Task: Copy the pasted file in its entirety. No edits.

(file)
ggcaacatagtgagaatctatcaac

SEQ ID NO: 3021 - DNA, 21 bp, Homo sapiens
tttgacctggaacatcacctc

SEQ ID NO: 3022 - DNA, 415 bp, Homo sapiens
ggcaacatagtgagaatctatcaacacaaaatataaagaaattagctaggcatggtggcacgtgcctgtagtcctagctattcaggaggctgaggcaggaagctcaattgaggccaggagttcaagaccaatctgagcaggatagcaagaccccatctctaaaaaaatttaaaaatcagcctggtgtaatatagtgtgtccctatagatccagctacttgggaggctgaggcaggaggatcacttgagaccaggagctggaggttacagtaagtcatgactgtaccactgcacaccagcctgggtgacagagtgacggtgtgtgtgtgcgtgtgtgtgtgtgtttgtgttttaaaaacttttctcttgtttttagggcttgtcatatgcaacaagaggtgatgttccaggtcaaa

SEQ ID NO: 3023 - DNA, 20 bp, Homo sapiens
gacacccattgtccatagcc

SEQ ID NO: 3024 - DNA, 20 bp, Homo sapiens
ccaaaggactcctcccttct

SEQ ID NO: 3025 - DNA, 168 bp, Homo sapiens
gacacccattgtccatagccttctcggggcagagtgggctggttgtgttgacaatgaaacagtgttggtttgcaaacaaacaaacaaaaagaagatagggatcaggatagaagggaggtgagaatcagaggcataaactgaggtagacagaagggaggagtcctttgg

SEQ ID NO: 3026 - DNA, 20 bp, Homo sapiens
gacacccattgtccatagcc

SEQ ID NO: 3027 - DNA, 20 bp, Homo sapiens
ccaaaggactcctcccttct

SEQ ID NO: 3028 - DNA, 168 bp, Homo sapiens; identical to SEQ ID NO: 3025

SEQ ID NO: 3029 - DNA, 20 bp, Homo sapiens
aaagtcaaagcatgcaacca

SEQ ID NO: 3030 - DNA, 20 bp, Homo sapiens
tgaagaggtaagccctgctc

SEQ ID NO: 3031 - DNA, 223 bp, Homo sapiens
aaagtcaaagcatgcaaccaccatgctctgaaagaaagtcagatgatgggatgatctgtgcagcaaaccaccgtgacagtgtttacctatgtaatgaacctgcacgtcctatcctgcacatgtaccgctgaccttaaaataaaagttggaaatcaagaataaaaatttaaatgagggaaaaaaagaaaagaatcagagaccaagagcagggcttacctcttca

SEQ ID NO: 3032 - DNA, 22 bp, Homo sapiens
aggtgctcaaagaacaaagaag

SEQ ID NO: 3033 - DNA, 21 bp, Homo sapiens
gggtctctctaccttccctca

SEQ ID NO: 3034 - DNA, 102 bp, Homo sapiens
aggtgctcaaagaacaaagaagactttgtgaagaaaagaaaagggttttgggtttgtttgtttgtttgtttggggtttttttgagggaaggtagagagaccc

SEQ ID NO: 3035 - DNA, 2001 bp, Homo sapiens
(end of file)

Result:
ggcaacatagtgagaatctatcaac

SEQ ID NO: 3021 - DNA, 21 bp, Homo sapiens
tttgacctggaacatcacctc

SEQ ID NO: 3022 - DNA, 415 bp, Homo sapiens
ggcaacatagtgagaatctatcaacacaaaatataaagaaattagctaggcatggtggcacgtgcctgtagtcctagctattcaggaggctgaggcaggaagctcaattgaggccaggagttcaagaccaatctgagcaggatagcaagaccccatctctaaaaaaatttaaaaatcagcctggtgtaatatagtgtgtccctatagatccagctacttgggaggctgaggcaggaggatcacttgagaccaggagctggaggttacagtaagtcatgactgtaccactgcacaccagcctgggtgacagagtgacggtgtgtgtgtgcgtgtgtgtgtgtgtttgtgttttaaaaacttttctcttgtttttagggcttgtcatatgcaacaagaggtgatgttccaggtcaaa

SEQ ID NO: 3023 - DNA, 20 bp, Homo sapiens
gacacccattgtccatagcc

SEQ ID NO: 3024 - DNA, 20 bp, Homo sapiens
ccaaaggactcctcccttct

SEQ ID NO: 3025 - DNA, 168 bp, Homo sapiens
gacacccattgtccatagccttctcggggcagagtgggctggttgtgttgacaatgaaacagtgttggtttgcaaacaaacaaacaaaaagaagatagggatcaggatagaagggaggtgagaatcagaggcataaactgaggtagacagaagggaggagtcctttgg

SEQ ID NO: 3026 - DNA, 20 bp, Homo sapiens
gacacccattgtccatagcc

SEQ ID NO: 3027 - DNA, 20 bp, Homo sapiens
ccaaaggactcctcccttct

SEQ ID NO: 3028 - DNA, 168 bp, Homo sapiens; identical to SEQ ID NO: 3025

SEQ ID NO: 3029 - DNA, 20 bp, Homo sapiens
aaagtcaaagcatgcaacca

SEQ ID NO: 3030 - DNA, 20 bp, Homo sapiens
tgaagaggtaagccctgctc

SEQ ID NO: 3031 - DNA, 223 bp, Homo sapiens
aaagtcaaagcatgcaaccaccatgctctgaaagaaagtcagatgatgggatgatctgtgcagcaaaccaccgtgacagtgtttacctatgtaatgaacctgcacgtcctatcctgcacatgtaccgctgaccttaaaataaaagttggaaatcaagaataaaaatttaaatgagggaaaaaaagaaaagaatcagagaccaagagcagggcttacctcttca

SEQ ID NO: 3032 - DNA, 22 bp, Homo sapiens
aggtgctcaaagaacaaagaag

SEQ ID NO: 3033 - DNA, 21 bp, Homo sapiens
gggtctctctaccttccctca

SEQ ID NO: 3034 - DNA, 102 bp, Homo sapiens
aggtgctcaaagaacaaagaagactttgtgaagaaaagaaaagggttttgggtttgtttgtttgtttgtttggggtttttttgagggaaggtagagagaccc

SEQ ID NO: 3035 - DNA, 2001 bp, Homo sapiens